I Still Want to Be Rich and Famous

posted by Stephen DeRosa, Rich and Famous cast member

As I grew older I thought my dreams would become more practical or at least loftier. And I suppose I do indeed dream of world peace and paying off my student loans, but I still can’t shake off that “Rich and Famous” thing. At the end of the day it’s not really why I became an actor (I mean who wouldn’t love a profession where one can wear four wigs in under two hours), but I don’t believe any actor who says he or she wouldn’t love to walk the red carpet, particularly for a film that millions upon millions of people celebrated. That said, I’d even be excited to be invited to the afterparty or make loads of money for a commercial that nobody remembers. I guess I have gotten practical or just more desperate.

Well, HELLO!!! My name is Steve DeRosa and I’m guest blogging here today. Can I take a second and say that this theater is MAGNIFICENT?! And not just the exquisite building itself, but everyone backstage, administration, everyone is top-flight A++. What a privilege to work here. And I know my fellow castmates from out of town feel the same way. But after all, this is San Francisco. Judy Garland sings a song about it!

I had never been to your city. I can’t believe it ’cause I’ve been around. And around. I’m a New Yorker heart and soul, born and bred, and this is the first city where I’ve really felt the same energy on the streets as I do in NY. (Not to mention it’s the first city in the U.S. I’ve found MORE expensive, but I won’t go there . . . whoops I just did.) Still, the richness of culture. Well, ok, enough. This is a great, great city.

Oh, did I mention I’m in the cast of Rich and Famous? I play several characters: Fokine from the Red Shoes, who gives Bing Ringling (The BRILLIANT BEYOND BELIEF Brooks Ashmanskas) his rich and famous cufflinks, and The Stage Manager, who we call “Spruce” (not Bruce but Spruce), a proud if ineffectual gay man who has decided that in spite of his black eyebrows he will wear a blond wig.

Then there’s Anatol Torah, who has to have his own paragraph because he would insist on it. He’s a character based on a few wild artistic geniuses in Guare’s life, particularly one composer.

Bing’s Dad. Oh Dad, poor Dad . . . As my therapist once told me, “We all have parents.” Then she recommended all kinds of medication. Wait, Can I talk about the GENIUS Mary Birdsong?!!!—who plays Mom, along with a host of other fabulous characters in the show. (The fourth member of our cast is the SUBLIME Gregory Wallace, who you know so well. Alas, I don’t get to play much with Gregory onstage, but I can’t think of anyone to better complete our foursome.)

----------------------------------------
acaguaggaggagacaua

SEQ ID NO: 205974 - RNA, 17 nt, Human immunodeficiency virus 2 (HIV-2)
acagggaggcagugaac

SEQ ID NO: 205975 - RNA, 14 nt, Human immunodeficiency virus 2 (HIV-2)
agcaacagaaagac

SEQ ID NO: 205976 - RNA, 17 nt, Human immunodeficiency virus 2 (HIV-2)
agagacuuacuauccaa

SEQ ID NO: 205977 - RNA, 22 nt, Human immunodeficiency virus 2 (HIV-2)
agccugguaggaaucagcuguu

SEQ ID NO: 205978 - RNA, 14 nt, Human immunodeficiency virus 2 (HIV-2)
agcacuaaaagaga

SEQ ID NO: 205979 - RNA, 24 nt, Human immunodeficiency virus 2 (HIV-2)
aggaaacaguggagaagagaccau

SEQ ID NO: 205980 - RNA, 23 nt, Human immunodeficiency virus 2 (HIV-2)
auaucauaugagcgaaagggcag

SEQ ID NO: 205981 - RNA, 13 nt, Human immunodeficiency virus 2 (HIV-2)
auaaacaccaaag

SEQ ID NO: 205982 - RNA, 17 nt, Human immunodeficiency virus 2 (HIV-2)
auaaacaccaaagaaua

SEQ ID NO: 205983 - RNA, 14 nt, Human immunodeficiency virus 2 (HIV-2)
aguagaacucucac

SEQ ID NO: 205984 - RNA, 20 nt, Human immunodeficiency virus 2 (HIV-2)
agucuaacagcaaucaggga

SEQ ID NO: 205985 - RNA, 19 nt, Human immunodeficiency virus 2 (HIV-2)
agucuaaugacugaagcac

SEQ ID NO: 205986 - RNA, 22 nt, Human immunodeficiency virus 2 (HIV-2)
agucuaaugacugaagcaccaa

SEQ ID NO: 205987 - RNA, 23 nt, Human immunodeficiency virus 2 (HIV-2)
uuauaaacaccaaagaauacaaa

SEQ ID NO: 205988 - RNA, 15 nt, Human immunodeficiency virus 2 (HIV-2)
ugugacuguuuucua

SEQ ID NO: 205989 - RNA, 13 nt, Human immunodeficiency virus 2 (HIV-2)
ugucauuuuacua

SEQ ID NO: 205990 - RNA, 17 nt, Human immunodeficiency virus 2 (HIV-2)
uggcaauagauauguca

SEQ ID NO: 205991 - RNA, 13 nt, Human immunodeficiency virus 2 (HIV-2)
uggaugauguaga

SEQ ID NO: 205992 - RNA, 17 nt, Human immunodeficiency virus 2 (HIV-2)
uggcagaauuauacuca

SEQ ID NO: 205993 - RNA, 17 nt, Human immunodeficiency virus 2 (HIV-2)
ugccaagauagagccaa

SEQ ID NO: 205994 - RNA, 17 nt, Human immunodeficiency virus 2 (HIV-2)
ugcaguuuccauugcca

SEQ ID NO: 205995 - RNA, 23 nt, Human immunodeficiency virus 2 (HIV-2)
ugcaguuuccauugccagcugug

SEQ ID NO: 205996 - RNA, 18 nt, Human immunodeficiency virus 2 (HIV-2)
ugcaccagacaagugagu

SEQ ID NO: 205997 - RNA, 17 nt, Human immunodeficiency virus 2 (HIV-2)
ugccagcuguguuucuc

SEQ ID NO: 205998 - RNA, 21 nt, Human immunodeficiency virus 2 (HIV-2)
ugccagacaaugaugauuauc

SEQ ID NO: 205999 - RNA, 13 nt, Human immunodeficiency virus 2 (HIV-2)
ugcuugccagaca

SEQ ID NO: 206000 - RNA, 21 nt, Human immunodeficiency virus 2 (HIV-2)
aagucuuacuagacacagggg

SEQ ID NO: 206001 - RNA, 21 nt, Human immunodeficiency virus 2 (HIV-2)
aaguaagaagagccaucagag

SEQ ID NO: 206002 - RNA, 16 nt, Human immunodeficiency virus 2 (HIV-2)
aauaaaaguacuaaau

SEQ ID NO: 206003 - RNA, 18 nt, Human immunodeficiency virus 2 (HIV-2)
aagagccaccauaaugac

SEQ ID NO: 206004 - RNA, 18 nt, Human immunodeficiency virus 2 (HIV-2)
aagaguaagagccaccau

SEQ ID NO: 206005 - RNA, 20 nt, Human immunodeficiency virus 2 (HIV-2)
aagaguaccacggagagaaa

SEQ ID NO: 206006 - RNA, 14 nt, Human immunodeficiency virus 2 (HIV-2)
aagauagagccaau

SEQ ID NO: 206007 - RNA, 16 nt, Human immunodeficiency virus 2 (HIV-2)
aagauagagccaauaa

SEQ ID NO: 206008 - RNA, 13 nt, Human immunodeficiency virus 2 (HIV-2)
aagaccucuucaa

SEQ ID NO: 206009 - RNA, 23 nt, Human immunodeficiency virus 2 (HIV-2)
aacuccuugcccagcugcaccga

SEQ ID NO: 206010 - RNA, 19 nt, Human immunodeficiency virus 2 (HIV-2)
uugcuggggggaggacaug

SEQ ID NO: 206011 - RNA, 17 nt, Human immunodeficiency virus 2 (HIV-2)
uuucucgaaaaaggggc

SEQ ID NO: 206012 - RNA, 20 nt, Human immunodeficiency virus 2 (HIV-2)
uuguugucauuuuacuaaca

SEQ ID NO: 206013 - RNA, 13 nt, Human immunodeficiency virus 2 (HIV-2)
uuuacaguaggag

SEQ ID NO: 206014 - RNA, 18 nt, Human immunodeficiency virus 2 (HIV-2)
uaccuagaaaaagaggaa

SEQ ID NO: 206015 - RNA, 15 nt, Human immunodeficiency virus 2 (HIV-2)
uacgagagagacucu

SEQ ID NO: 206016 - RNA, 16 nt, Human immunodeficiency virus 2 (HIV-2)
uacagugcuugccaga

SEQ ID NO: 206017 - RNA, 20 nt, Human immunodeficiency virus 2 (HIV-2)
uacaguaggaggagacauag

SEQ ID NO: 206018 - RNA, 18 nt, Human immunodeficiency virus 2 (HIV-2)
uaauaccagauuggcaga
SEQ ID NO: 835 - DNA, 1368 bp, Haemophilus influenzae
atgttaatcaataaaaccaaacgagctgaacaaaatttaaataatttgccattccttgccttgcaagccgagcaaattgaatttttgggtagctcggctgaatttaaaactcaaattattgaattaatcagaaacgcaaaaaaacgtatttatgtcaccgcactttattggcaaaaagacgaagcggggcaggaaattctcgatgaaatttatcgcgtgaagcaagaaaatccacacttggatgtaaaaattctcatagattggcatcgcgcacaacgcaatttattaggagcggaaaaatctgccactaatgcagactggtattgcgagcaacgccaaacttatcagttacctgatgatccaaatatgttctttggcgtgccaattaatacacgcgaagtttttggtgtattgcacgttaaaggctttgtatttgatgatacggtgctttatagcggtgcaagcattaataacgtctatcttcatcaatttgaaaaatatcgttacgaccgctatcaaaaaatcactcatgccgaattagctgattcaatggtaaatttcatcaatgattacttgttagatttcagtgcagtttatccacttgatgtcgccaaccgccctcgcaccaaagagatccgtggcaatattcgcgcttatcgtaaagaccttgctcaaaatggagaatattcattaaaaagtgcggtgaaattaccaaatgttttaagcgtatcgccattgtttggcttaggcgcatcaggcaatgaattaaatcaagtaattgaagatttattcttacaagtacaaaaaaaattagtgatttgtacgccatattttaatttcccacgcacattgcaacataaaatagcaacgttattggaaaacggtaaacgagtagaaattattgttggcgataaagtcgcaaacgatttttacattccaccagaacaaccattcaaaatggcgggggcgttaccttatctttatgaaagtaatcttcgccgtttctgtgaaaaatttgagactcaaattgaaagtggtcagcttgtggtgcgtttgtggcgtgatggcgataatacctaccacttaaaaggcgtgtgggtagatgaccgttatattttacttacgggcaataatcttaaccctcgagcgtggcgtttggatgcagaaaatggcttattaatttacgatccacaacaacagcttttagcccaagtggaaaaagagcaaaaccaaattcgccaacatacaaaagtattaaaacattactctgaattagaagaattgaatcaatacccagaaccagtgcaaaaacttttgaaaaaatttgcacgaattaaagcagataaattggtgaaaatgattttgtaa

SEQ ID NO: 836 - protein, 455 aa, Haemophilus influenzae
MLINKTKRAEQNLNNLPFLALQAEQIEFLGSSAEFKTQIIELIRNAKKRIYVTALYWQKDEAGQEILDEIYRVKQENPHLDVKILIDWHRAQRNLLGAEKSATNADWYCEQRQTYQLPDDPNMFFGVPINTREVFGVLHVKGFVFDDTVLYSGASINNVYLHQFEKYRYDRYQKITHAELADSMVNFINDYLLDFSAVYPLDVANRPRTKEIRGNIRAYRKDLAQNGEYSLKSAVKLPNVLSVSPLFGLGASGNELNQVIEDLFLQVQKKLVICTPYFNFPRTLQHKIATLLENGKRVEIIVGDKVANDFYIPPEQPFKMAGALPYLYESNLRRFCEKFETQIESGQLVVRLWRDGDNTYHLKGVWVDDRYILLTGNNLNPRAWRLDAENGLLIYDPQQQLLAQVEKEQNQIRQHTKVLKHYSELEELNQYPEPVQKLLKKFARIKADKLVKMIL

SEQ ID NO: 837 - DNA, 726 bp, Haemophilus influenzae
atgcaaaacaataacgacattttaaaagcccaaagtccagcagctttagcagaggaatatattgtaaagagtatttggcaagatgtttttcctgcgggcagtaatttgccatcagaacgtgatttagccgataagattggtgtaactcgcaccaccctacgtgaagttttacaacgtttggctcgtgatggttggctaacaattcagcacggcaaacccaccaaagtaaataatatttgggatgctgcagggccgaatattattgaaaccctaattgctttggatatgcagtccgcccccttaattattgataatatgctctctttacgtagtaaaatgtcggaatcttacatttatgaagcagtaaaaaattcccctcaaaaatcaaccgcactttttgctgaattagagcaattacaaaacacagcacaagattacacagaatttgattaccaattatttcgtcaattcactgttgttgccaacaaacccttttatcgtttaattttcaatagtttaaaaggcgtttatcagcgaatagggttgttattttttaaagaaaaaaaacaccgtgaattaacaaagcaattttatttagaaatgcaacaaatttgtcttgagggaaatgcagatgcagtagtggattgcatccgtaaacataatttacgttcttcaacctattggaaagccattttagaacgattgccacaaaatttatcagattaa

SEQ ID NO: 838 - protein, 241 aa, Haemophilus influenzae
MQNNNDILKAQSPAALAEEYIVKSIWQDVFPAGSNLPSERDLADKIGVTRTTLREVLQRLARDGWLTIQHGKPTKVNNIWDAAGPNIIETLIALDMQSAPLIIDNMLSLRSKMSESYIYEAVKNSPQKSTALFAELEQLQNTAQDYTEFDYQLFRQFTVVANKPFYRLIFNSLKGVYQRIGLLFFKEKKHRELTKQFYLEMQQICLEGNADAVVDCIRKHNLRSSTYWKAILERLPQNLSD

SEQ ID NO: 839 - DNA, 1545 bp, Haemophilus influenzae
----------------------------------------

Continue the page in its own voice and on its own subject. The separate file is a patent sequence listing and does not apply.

Finally, I play Tybalt Dunleavy, Bing’s oldest and dearest friend, who is now a giant Movie Star. For the set they actually made a billboard of my face, which at first was thrilling, then all I could think about was if my nose looked too weird or why they chose to make my lips look that way. Hmmm, perhaps the famous thing does heighten one’s neuroses . . . Tybalt is way up high, so his view of the world is not the same as everyone else’s, nor is it very secure up there. Ok, ’nuff said. I don’t want to give it all away. ROSEBUD IS A SLED. There, I said it.

I will say that going in and out of Tybalt requires two incredibly fast costume/wig changes, where four people help me transform in under a minute. In fact I call them “Team Tybalt.” They are superheroes to me, but I don’t know if there is a market for a comic book about a fabulous wardrobe and hair department. Then again this is San Francisco . . .

So yeah, I hope you enjoyed the show if you saw it. It’s a wild ride for us and I hope it is for you. After months now with this rich, remarkable play, I still can’t quite wrap up what it means and says in a tidy sentence or two, and maybe that’s a great thing. If you’ll forgive me for sounding “high-falutin’” as many of my relatives would say, I will quote a lecture of Robert Frost I ran across in a magazine (and don’t get me wrong I was just reading this because someone had taken my Enterainment Weekly):

“There’s the one place I choose to be—confront myself with something I can never give up wanting to be—can’t possibly give up wanting to be and can’t possibly be. That I know is ideal. That’s what I mean by ideal.”

Ideals, Idolatry, Dreams, Despair, Wigs, Hair, Vanity Fair. See? I just wrote you a poem. Take that, Bobby Frost.

If you’ve read this far you REALLY must be bored or crazy or both. And I thank you.

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